Clay County CRIME SHEET; with Violent Acts Pushing Up the Crime Rates in Clay County, Sheriff Rick Beseler Hopes for Help in the Form of Federal Funding

By Maraghy, Mary | The Florida Times Union, November 17, 2007 | Go to article overview

Clay County CRIME SHEET; with Violent Acts Pushing Up the Crime Rates in Clay County, Sheriff Rick Beseler Hopes for Help in the Form of Federal Funding


Maraghy, Mary, The Florida Times Union


Byline: MARY MARAGHY

Violent crime is on the rise but some property crimes are going down in Clay County, according to recent statistics.

Murder and assaults have increased recently, pushing Clay County's overall crime rate up 7 percent, based on statistics from the first half of 2006 and 2007.

Violent crimes are the hardest to prevent, said Sheriff Rick Beseler, because most stem from alcohol and drug abuse, infidelity and other long-standing sociological problems that erupt from behind closed doors among not strangers, but people who know each other - spouses, parents, children, siblings, relatives, roommates and others.

Said Sharon Gogerty, spokeswoman for the Florida Department of Law Enforcement: "Violent crimes are the most difficult to predict and prevent. Many involve use of a firearm and are done in the heat of passion when people aren't thinking rationally about the consequences of their actions.

Gogerty cites statistics of an increase of murders by 28 percent in Florida and robbery by 13.4 percent from 2005 to 2006. She said crime statistics can be very tricky.

"It's hard to attribute crime to any single factor or any specific set of factors," she said.

Beseler said he expects violent crime will continue to rise in Clay as prevention programs get slashed as a result of a sagging economy and societal views.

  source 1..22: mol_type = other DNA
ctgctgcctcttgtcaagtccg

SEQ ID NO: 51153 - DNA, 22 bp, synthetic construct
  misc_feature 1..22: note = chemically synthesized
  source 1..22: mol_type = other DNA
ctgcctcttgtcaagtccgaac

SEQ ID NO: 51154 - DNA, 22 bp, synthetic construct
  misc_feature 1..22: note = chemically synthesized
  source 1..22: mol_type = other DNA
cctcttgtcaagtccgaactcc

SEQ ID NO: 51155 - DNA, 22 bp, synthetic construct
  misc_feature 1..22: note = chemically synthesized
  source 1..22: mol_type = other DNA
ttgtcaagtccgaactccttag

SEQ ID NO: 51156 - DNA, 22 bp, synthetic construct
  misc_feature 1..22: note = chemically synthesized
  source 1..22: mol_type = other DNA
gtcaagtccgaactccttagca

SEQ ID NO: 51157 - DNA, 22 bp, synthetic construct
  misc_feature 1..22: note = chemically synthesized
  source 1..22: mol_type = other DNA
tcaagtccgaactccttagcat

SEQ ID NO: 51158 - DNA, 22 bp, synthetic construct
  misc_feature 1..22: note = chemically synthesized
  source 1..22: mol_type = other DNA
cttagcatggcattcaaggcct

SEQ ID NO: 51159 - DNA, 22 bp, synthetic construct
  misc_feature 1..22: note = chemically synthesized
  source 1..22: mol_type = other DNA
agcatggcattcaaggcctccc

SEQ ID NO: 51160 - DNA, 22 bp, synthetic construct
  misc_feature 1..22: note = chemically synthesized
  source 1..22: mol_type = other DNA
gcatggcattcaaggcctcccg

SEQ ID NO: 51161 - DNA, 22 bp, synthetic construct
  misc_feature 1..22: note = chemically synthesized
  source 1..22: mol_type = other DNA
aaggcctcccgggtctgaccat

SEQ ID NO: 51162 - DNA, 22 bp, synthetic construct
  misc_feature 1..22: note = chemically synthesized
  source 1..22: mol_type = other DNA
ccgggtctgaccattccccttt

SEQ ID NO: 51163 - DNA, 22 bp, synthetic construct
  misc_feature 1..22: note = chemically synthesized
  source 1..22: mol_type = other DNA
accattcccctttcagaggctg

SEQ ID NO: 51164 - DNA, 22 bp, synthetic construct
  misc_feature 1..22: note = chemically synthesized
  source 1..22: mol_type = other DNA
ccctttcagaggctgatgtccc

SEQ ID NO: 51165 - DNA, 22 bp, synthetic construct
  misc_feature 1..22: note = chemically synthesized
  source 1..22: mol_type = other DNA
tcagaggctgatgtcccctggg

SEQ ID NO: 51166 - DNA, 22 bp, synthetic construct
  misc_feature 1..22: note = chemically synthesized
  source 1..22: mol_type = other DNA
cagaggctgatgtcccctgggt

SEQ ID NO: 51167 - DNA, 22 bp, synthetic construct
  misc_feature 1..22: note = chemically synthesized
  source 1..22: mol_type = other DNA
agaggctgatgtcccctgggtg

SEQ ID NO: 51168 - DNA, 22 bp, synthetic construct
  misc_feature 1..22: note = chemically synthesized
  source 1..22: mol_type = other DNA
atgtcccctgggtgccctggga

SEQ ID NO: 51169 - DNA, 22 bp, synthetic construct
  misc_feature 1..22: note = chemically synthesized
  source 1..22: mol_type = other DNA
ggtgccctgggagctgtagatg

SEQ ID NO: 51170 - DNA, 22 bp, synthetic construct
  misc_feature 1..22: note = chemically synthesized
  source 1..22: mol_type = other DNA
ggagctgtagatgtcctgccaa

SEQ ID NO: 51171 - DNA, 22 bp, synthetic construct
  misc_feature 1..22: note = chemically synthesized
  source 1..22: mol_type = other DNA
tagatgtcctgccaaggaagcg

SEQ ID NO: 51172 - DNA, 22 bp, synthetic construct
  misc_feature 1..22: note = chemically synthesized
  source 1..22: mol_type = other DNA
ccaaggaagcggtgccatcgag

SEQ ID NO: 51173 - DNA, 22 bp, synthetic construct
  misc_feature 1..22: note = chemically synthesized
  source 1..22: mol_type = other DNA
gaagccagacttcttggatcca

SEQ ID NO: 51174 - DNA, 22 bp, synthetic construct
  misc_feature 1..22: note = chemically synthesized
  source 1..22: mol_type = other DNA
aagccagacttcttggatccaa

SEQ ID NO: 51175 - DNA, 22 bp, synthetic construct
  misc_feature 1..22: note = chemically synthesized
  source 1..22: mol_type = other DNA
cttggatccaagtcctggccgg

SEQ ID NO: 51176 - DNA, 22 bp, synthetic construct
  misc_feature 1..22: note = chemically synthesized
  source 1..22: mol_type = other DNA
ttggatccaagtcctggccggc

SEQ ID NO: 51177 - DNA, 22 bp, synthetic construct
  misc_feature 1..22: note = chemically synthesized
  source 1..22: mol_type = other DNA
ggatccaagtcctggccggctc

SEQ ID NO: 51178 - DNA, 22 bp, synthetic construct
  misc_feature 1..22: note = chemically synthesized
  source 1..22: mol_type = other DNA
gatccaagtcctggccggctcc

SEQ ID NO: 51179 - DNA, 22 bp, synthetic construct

"Most services are reactive. Our society has not funded social services to be proactive as well as reactive," said Sharon Youngerman, director of Quigley House, Clay County's domestic violence shelter.

Youngerman said her agency's government funding streams have remained flat though the population served and costs are rising. She said her agency eliminated an outreach counselor position and a violence prevention program, due to tight finances, and because it is hard to track the success of prevention efforts. "True prevention has not been funded in years."

Meanwhile, Beseler would like the funding to have a few more good deputies. Since Sept. 11, the military has sucked up funding and potential candidates for law enforcement, Beseler said. Optimum staffing levels for Clay County is 1.8 officers per 1,000 residents, he said. Currently, Clay County is 1.4 per 1,000. But Beseler said he is optimistic that federal government efforts are under way to replace funding for local departments and that the agency's existing deputies can keep the public safe in the meantime.

Beseler states that he's most proud of his office's ability to solve crime. The case clearance rate is almost double the state average.

"Clay County is a very, very safe community," he said, adding that residents should feel safe to walk and play in their neighborhoods.

Burglaries are down 11 percent, robberies dropped by 2.6 percent and auto thefts are down 1.5 percent in the first six months of 2007. Beseler said he expects a continued downward slope in these numbers thanks to the following initiatives:

- Night blitzes in high crime areas pinpointed by a new computerized crime analysis center. …

The rest of this article is only available to active members of Questia